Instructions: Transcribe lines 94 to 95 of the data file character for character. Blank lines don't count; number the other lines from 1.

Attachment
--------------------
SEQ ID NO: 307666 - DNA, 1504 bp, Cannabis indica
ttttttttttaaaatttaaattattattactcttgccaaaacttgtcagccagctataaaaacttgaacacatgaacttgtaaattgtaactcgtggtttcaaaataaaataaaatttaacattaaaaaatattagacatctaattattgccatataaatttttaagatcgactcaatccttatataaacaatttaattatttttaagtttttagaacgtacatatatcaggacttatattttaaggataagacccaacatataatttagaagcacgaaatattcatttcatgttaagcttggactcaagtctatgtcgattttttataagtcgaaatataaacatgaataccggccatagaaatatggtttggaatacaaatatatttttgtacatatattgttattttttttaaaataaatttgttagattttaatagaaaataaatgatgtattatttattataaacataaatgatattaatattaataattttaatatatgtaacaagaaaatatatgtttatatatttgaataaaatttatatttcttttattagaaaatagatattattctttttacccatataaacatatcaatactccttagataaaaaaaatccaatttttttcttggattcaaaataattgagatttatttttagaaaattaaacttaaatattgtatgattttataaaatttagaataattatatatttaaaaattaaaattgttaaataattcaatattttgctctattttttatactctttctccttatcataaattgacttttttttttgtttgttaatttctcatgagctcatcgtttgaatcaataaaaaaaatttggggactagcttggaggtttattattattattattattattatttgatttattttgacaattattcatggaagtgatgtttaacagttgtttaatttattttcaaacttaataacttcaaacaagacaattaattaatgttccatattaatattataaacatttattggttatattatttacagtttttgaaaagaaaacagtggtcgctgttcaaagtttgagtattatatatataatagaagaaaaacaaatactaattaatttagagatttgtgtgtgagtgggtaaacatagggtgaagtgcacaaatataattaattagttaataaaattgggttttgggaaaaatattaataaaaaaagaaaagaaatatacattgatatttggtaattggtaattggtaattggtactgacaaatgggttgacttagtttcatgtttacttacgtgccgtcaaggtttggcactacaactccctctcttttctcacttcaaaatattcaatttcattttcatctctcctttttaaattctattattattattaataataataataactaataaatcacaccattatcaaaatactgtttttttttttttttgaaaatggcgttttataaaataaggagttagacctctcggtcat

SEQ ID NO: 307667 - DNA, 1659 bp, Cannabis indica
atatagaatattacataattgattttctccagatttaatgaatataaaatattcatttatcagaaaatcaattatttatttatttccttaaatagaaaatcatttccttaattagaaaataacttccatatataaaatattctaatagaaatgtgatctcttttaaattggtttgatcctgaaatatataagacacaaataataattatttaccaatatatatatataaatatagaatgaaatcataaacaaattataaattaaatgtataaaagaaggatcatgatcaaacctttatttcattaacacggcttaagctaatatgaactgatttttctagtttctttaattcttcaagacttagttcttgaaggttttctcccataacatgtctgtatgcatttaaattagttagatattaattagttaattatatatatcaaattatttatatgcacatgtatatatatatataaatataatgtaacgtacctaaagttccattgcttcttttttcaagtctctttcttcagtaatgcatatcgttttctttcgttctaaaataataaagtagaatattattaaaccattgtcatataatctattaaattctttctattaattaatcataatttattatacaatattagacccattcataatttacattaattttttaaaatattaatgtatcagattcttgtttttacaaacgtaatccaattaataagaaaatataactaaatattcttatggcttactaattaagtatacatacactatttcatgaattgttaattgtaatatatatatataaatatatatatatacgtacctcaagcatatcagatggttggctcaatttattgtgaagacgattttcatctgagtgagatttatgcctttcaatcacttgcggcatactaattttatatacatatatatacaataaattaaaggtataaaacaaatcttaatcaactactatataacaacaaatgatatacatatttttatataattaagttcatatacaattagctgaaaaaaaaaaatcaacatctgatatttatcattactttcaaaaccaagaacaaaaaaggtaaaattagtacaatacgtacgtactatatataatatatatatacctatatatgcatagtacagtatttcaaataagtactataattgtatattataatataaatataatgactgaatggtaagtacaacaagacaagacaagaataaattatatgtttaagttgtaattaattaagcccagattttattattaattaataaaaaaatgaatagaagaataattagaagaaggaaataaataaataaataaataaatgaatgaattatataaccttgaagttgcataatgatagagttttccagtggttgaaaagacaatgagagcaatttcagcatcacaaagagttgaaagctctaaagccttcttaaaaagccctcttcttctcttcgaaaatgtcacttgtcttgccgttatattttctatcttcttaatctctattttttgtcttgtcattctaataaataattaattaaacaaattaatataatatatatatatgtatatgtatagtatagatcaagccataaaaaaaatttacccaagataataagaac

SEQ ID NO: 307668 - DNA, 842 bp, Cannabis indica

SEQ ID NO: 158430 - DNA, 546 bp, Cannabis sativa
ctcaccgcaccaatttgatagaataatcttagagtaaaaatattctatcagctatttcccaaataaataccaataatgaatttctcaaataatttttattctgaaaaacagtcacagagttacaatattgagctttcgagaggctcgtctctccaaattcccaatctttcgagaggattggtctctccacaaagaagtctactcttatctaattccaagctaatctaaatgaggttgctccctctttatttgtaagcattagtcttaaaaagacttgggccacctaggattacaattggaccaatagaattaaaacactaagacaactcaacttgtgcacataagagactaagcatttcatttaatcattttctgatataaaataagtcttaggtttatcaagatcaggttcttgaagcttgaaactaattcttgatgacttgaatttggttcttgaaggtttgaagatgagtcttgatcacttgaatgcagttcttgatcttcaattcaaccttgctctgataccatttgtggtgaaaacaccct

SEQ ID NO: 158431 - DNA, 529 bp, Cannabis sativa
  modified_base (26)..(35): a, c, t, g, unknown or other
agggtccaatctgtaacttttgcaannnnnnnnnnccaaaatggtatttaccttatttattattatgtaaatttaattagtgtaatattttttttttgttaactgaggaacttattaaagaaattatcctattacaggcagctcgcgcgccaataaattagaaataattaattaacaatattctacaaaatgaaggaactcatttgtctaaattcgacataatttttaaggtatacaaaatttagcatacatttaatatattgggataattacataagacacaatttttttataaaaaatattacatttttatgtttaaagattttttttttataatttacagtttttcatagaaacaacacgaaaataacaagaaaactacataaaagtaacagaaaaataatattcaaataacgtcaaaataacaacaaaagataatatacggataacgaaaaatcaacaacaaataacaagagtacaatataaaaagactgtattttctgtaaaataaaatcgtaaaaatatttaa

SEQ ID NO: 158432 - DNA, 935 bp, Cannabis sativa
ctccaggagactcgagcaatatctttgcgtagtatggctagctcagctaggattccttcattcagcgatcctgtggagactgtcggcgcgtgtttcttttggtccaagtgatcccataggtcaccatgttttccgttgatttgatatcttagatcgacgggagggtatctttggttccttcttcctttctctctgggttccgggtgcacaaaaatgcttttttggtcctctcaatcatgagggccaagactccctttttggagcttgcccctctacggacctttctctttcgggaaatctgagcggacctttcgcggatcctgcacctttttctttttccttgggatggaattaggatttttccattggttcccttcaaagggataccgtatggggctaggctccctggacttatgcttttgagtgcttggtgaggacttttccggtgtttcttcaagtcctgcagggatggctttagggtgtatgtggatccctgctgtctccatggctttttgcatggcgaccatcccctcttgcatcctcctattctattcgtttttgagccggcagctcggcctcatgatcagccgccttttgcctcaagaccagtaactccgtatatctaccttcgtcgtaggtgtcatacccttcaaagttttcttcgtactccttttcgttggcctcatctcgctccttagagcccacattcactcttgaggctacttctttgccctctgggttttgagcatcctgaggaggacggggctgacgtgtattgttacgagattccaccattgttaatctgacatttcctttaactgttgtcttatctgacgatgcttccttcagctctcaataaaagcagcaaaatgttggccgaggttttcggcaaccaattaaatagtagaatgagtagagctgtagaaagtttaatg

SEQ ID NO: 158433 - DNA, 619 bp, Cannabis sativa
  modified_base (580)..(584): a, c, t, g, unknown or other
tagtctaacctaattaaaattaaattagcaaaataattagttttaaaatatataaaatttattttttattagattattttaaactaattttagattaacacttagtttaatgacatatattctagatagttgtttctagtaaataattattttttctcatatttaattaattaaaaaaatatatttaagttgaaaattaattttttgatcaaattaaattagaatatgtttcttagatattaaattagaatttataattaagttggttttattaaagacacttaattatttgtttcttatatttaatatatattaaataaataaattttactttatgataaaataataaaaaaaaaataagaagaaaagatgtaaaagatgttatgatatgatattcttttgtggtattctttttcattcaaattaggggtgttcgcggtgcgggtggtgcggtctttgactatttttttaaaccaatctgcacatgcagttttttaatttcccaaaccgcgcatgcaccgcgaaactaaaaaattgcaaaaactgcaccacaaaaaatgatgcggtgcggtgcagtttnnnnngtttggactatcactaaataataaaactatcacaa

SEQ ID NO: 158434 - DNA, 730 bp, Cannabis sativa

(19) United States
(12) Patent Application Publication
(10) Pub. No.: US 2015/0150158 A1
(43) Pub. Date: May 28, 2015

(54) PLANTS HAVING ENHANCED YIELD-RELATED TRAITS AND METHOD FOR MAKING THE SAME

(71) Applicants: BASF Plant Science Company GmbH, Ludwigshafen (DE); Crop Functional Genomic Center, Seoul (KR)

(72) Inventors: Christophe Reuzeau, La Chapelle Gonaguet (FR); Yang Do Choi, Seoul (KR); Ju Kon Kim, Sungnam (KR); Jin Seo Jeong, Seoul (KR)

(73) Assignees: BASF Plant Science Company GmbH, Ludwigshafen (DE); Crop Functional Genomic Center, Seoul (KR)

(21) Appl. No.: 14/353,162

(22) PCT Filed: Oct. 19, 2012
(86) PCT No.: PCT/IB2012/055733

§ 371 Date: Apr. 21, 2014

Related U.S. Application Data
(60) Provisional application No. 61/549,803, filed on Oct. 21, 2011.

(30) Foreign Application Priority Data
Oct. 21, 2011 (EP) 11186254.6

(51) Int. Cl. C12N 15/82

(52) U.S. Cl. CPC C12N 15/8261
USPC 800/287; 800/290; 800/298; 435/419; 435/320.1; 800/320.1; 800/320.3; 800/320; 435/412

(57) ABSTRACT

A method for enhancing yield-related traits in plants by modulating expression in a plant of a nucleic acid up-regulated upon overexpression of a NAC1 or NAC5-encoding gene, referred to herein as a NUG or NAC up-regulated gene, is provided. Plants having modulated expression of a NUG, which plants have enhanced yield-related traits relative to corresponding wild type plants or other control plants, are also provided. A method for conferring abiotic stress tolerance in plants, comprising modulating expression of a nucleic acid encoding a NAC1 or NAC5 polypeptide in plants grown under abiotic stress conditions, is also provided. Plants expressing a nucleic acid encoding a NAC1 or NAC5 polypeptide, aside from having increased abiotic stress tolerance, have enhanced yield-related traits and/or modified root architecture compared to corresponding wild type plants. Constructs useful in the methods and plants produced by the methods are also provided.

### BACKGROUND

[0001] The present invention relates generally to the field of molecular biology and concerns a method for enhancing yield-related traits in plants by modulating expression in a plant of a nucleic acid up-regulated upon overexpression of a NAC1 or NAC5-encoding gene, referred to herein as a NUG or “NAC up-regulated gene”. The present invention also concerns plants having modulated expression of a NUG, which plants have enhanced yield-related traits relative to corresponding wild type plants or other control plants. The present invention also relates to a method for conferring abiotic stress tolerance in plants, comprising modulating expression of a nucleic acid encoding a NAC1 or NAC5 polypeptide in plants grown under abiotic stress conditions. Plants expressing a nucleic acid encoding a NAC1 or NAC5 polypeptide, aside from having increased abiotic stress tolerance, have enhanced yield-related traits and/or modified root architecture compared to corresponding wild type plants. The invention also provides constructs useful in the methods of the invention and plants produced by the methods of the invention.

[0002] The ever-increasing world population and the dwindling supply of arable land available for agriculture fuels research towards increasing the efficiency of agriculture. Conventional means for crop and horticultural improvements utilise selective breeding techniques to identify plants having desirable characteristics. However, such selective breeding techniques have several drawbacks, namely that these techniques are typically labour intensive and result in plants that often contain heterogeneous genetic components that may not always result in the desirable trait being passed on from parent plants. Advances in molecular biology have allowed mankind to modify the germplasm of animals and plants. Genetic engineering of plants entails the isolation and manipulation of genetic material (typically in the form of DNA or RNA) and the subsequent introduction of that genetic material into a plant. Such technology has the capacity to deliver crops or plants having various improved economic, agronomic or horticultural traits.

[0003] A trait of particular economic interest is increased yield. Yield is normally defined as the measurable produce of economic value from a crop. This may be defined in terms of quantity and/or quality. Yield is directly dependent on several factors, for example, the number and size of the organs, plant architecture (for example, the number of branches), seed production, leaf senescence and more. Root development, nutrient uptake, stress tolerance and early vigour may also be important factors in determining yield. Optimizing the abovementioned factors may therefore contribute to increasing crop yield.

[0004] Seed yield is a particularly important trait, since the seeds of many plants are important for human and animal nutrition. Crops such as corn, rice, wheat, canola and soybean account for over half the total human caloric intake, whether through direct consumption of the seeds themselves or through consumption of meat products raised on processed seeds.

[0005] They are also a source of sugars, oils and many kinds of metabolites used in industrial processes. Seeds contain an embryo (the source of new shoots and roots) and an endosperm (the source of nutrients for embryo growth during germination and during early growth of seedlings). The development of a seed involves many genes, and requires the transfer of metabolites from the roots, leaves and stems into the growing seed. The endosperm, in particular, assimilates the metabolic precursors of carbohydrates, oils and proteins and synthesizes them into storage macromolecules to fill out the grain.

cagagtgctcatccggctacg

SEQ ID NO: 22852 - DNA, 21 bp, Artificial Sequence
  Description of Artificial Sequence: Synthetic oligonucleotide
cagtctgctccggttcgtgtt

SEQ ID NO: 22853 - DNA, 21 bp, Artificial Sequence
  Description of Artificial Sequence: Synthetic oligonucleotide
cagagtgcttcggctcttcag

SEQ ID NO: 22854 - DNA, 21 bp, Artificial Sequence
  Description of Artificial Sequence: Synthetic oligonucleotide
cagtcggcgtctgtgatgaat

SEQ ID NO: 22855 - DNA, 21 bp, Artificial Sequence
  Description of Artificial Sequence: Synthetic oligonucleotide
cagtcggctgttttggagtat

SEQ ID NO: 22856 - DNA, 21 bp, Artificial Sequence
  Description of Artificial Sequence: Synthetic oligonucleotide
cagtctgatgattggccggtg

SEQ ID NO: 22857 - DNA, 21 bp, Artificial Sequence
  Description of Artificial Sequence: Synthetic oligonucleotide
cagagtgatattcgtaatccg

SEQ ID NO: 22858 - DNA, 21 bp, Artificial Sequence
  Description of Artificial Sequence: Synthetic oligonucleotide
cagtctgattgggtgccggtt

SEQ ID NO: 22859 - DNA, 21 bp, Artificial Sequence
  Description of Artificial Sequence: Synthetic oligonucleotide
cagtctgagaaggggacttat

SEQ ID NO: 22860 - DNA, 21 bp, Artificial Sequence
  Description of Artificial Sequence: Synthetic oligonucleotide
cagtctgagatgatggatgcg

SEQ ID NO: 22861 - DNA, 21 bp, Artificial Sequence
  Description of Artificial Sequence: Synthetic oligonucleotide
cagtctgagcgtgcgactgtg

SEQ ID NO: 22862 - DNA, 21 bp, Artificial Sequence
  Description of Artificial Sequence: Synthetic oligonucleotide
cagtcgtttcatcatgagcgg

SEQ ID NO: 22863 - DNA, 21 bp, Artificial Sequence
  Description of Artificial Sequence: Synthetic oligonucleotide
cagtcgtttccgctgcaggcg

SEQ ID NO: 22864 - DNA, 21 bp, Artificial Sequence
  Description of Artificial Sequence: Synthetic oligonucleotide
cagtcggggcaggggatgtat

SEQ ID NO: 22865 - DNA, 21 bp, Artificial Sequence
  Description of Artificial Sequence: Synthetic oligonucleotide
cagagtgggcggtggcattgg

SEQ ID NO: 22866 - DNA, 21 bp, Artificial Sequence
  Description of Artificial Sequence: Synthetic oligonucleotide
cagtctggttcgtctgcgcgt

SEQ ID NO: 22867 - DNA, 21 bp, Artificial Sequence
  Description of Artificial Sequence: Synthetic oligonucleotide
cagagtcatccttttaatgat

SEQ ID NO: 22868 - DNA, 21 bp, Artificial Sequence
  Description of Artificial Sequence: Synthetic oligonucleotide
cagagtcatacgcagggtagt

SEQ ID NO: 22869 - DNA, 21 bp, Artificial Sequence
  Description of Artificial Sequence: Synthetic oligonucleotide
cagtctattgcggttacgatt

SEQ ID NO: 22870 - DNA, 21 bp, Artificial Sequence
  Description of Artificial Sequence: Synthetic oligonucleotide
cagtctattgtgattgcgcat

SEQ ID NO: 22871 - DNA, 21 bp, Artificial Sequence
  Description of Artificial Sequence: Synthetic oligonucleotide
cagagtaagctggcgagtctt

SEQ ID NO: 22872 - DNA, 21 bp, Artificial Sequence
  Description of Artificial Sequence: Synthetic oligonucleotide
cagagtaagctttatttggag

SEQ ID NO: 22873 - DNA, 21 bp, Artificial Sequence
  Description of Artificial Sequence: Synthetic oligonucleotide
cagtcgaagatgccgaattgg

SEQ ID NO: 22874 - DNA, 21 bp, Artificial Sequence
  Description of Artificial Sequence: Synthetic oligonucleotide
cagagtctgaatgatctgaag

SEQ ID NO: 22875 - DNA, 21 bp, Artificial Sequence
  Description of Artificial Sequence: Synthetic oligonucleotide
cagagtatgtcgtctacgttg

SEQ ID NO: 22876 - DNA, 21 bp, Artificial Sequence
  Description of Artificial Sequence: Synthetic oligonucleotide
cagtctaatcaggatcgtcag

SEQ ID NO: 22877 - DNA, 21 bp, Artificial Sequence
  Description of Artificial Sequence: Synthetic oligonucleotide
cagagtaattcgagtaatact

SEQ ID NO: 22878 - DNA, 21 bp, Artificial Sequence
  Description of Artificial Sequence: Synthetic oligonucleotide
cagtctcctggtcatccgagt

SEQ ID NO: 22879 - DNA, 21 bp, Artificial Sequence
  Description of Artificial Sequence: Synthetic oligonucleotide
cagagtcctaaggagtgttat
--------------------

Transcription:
  Description of Artificial Sequence: Synthetic oligonucleotide
cagagtcatacgcagggtagt